Wednesdays 5:15pm, Community Center, DeForest Wisconsin
Register through DeForest Recreation
Not sure? For a snippet of my style of guiding mediations, check this 5 minute meditation out.
Meditation is a stress-relief tool you bring with you everywhere. All it requires is your willingness and attention. You don’t need a meditation pillow or a yoga mat or even a quiet space to practice.
Your body will not perform optimally unless it has relief from stress. We evolved to take our cues from the seasons, the sunsets, and the cycles of the moon, and to use our bodies’ stress response to escape danger and survive. Between times of danger we ate, slept, worked, rested and recovered and spent a whole lot of time in Mother Nature.
In the last few decades, deadlines, alerts, notifications, interruptions, oversaturated media culture, rush and overwhelm keep us in a stress-response for most of our waking hours. Translation for our bodies is that we are being bum-rushed by stampeding elephants non-stop with no chance for recovery. No sleeping by the fire on the ground at the end of the day to reset our systems.
Our bodies and minds need recovery and rest, which is where meditation comes in. Meditation helps us re-educate ourselves on how to be present for our lives while at the same time creating a life that’s more enjoyable.
Foundations of Class:
Breath: If there is an easily accessible key to the mysteries of the universe, this is it. So say the ancient wisdom traditions and anyone who has ever used breath control to achieve an altered spiritual state or even calm down from an anxiety attack. There are many ways to develop a breath practice (pranayama.) In my classes, we hit the basics.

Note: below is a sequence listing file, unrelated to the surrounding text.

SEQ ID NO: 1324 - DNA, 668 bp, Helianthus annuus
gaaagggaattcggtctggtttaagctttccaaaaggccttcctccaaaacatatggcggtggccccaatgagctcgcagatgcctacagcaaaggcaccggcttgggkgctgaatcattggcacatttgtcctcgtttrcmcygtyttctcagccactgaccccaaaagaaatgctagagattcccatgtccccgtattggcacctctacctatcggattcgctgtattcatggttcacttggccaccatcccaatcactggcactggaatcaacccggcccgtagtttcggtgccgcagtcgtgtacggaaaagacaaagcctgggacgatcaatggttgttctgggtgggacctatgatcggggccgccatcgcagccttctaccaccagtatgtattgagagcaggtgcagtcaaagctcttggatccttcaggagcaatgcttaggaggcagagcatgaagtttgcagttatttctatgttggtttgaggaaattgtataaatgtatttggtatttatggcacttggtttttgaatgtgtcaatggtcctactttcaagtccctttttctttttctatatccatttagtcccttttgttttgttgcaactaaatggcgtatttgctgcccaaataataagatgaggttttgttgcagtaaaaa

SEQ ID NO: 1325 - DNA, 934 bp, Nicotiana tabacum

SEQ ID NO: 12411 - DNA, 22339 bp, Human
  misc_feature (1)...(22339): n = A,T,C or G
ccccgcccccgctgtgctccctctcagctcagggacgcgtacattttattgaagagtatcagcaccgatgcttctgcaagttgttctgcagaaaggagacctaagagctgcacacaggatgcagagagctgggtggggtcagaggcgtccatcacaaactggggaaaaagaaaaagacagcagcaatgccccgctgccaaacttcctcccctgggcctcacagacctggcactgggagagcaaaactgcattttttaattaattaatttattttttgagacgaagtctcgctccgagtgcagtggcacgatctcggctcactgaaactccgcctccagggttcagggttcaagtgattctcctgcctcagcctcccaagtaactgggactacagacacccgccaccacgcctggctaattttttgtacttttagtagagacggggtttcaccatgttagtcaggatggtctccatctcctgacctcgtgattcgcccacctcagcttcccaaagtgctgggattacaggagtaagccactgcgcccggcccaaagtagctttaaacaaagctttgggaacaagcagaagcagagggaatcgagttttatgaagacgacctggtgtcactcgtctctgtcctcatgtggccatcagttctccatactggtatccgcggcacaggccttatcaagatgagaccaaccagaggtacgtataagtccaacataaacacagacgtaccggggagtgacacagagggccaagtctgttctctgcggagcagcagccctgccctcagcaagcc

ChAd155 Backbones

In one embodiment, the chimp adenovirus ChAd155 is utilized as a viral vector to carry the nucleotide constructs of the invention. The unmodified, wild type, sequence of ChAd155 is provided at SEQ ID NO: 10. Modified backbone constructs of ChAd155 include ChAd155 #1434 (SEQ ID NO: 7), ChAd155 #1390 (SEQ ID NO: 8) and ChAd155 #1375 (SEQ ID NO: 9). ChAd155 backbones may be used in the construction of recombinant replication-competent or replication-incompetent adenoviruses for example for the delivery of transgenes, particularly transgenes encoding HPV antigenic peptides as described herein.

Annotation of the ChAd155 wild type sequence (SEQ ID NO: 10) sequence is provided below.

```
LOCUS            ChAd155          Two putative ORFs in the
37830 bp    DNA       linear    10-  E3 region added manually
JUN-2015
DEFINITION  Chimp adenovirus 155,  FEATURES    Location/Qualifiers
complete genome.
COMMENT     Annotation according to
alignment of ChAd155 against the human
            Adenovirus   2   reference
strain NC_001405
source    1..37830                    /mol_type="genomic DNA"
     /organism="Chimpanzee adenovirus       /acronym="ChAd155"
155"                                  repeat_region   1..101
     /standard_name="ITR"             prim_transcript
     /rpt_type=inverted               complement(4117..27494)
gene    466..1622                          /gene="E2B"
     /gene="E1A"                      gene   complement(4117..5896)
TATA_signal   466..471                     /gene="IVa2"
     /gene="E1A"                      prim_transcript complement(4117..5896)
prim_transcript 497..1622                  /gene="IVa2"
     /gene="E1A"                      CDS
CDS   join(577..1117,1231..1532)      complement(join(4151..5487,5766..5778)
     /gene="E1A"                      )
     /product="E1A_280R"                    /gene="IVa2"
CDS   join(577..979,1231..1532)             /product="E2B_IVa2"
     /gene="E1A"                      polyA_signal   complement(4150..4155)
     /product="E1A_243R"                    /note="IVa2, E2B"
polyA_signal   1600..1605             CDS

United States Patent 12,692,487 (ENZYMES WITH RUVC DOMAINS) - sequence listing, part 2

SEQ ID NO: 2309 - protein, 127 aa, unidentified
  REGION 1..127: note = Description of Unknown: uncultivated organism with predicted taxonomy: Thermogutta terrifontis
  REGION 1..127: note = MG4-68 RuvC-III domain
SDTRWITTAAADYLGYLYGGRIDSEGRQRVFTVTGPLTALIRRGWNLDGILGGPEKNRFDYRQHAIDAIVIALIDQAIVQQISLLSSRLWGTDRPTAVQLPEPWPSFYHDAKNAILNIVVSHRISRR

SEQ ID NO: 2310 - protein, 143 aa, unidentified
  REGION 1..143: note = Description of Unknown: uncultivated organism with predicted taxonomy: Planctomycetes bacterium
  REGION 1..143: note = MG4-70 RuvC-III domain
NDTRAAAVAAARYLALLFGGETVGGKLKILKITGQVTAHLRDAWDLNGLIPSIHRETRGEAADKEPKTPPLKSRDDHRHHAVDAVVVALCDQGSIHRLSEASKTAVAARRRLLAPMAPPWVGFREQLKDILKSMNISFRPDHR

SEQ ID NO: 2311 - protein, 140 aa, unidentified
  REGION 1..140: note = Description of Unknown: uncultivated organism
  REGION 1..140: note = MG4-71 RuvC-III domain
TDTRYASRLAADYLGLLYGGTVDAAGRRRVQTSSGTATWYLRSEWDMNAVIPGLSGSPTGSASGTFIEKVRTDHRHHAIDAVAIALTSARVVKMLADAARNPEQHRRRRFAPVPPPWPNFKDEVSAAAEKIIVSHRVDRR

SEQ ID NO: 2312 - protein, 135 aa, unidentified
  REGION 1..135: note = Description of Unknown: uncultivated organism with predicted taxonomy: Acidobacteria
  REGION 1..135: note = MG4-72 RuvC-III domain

1. Belly breathing: breathing into the lower abdomen.
2. Diaphragmatic breathing: breathing evenly into the front, back and sides of the abdomen
3. Smooth breath: paying attention to any glitches and hitches and skips and intending to smooth them out…but not at the cost of creating strain (see #4)
4. Unstrained breath: the practice of not exerting too much effort as you pay attention to either/all of 1, 2, or 3. The play between 3 and 4 is one of the basic tenets of Patanjali’s Yoga Sutras: sthira and sukha (steadiness and ease.)
Paying attention to just one of these for the rest of your life will likely bring profound changes to your state of mind in times of stress. Breath practices can be that powerful.
Posture: For those comfortable sitting on the floor, I encourage Easy Pose, which is essentially criss-cross applesauce, ideally while sitting on a folded blanket or bolster so the hips are higher than the knees. When the spine is aligned, the energy of the body can flow freely. Sitting in a chair tends to shorten the hamstrings and crunch the lower back, though in a community space or if sitting on the floor is a no-go for your knees or hips, chair sitting can definitely work.
Monkey Mind: I need to pick up that rice for dinner. I shouldn’t have said that thing I said to my husband. My kid seems stressed, I wonder what’s wrong. I need to call Charter to get that wifi fixed. I forgot to put the clothes in the dryer. Still pissed at my dad for not calling on my birthday.
Thoughts like these drift and run through our minds for most of the day. It’s no use to get frustrated with your mind. As my yoga teacher at The Studio, Alex Pfeiffer, would put it, this is what minds do, they think.
Part of meditation is to create a focus of attention that rings like a dinner bell to a hungry kid, or serves as a lighthouse for our mind’s eye. It may not still or quiet your thoughts. And here’s the kicker: that’s totally ok. Brains think. Trying to stop your thoughts will just create frustration. Meditation is not about getting your thoughts to stop. It is about the practice of guiding your attention with gentleness and ease, taking up space in your own being.
It can also be about noticing your thoughts. Noticing your state of being. Noticing the feelings running through you at any given moment. Feelings are like clouds. They pass, they shift they change. Often our thoughts are attempting to analyze, justify, disagree with or dampen the feelings we’re having. Meditation allows your state of being to be exactly what it is without attempting to change or deny anything.
I love meditating. And meditation is even more powerful when done together. Join me!